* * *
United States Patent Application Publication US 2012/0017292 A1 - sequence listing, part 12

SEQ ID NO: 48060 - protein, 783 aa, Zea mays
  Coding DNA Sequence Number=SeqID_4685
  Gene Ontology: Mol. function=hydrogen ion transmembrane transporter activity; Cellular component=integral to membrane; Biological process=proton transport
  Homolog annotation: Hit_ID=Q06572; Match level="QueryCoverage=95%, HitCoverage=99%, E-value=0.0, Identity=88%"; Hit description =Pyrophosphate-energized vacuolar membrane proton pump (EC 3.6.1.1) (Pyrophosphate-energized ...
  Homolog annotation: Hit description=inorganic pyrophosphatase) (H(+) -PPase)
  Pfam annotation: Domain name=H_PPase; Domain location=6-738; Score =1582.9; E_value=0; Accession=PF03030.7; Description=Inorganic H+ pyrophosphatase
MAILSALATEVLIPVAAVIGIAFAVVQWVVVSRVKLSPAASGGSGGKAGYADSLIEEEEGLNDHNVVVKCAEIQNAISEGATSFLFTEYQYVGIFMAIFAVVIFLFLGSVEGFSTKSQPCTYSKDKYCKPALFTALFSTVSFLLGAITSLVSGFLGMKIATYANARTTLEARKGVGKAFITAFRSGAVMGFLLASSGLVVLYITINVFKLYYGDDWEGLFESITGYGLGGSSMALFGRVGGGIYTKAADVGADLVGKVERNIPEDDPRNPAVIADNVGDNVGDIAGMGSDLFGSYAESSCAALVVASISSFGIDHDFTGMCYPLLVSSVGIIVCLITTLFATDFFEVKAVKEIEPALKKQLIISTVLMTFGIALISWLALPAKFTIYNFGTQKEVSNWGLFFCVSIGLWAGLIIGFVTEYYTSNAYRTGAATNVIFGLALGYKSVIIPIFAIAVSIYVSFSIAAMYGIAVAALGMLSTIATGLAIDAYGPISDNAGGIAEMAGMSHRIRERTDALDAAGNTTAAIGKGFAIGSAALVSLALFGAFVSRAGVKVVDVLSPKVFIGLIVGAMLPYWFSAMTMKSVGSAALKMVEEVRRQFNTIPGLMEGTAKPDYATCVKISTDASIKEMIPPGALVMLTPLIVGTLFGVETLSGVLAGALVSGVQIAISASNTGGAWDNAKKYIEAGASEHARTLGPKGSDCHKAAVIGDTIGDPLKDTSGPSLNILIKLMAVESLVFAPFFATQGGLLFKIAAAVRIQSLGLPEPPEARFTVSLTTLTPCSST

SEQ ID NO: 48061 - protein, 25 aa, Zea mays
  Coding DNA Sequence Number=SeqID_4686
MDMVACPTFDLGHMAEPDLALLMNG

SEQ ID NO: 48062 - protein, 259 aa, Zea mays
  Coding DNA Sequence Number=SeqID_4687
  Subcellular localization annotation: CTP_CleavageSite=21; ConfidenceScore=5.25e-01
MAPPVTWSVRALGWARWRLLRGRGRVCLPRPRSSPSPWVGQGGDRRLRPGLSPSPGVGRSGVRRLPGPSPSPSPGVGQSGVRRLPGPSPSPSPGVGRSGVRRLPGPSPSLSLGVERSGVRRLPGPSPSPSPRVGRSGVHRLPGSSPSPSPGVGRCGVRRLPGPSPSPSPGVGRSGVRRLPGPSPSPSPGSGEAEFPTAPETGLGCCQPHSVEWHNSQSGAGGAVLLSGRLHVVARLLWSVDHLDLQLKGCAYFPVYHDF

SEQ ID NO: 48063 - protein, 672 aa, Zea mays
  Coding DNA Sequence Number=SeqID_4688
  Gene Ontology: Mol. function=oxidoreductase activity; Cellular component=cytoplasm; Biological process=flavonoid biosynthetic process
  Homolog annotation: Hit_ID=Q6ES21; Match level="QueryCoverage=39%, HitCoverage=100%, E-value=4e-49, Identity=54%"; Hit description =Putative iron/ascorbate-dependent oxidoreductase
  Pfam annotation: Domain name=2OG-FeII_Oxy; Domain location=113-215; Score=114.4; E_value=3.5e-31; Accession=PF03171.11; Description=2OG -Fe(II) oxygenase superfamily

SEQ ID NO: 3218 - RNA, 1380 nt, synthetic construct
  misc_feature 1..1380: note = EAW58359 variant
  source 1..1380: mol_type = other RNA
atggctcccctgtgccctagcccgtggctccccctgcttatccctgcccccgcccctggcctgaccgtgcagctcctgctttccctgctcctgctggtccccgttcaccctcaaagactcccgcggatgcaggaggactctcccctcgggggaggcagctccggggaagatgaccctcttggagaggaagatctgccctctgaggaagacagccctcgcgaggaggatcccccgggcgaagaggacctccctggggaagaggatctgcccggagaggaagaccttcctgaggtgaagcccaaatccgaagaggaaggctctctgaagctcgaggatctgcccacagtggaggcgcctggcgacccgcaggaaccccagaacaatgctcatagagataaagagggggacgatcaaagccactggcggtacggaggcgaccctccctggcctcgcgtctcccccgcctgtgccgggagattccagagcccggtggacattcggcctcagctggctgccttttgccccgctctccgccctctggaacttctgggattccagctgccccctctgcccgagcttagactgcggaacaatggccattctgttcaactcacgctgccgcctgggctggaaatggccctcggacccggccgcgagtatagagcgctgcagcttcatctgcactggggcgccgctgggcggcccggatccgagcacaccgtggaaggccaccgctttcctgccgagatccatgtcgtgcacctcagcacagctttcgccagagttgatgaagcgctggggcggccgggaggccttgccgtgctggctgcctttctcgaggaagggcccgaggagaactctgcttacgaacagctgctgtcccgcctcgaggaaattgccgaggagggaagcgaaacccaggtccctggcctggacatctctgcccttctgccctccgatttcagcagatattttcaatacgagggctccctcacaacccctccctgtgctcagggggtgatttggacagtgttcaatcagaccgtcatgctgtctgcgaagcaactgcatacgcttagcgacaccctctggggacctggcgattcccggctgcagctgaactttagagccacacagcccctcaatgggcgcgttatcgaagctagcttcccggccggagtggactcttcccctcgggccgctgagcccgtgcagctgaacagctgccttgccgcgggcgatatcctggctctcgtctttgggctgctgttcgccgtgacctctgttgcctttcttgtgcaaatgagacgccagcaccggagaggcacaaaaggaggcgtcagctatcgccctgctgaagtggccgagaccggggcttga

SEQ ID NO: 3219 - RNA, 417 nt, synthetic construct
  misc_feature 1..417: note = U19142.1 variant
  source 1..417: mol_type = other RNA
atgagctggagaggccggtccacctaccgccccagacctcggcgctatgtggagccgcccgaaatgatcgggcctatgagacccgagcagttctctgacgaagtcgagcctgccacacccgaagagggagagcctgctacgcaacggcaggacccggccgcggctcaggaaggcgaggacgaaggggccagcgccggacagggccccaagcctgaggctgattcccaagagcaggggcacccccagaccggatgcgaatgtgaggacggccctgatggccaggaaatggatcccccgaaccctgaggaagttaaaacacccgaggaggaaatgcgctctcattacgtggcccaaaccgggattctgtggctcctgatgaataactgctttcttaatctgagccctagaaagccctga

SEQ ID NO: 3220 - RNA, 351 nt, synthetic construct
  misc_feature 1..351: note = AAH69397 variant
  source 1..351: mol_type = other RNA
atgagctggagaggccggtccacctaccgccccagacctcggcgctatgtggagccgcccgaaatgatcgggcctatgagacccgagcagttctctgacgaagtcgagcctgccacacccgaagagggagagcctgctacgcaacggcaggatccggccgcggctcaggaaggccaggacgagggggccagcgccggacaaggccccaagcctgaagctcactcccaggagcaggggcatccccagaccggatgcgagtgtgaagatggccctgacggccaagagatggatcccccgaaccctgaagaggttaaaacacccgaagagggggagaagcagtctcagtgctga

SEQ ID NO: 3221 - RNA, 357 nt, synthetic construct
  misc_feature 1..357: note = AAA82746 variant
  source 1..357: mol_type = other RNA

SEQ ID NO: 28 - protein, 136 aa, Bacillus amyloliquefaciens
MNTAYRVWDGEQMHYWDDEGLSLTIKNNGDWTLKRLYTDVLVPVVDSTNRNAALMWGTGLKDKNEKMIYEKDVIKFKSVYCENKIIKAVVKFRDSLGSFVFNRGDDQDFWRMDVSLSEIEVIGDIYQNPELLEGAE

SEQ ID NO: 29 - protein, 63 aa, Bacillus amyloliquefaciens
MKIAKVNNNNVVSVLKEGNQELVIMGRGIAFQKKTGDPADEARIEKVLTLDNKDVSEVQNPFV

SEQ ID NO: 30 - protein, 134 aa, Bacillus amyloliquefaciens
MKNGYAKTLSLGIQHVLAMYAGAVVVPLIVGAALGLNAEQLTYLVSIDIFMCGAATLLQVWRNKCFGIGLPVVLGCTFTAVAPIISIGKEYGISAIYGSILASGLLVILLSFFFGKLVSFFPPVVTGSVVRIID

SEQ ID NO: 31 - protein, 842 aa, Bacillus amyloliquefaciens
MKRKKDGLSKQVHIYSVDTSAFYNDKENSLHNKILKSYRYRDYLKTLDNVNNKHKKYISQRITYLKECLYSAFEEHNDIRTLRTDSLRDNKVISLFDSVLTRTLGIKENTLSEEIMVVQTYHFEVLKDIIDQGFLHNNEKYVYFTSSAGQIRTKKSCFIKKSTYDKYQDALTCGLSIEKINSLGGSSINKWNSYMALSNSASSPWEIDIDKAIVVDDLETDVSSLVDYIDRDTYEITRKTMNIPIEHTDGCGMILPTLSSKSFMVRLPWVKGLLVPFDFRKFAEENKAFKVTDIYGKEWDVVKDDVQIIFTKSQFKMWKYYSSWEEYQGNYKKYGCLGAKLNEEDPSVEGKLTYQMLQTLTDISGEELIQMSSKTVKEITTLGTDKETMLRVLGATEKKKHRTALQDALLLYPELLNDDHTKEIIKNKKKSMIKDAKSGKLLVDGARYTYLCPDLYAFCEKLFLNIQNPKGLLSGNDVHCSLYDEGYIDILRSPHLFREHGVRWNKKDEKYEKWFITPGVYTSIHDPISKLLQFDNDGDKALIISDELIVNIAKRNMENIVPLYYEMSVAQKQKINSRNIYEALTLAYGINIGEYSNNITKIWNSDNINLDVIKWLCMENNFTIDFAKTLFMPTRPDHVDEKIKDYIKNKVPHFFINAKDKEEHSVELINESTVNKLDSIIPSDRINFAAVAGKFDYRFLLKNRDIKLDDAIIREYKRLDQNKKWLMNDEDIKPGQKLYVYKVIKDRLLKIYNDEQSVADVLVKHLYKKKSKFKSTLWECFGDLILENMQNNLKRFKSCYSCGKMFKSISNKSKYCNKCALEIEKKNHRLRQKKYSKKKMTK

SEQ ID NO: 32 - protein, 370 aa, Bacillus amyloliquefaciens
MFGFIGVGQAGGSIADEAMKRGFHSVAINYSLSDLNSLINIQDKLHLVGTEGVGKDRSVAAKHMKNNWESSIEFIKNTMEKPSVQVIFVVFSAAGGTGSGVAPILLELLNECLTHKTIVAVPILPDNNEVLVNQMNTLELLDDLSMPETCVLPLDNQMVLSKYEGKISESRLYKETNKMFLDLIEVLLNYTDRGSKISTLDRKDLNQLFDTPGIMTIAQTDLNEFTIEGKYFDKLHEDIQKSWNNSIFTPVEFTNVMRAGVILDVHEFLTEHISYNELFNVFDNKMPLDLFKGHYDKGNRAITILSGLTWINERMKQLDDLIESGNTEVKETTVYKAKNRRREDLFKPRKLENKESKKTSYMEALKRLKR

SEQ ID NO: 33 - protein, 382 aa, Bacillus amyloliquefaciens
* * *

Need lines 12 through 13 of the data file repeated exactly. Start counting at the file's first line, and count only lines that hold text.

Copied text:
SEQ ID NO: 48062 - protein, 259 aa, Zea mays
  Coding DNA Sequence Number=SeqID_4687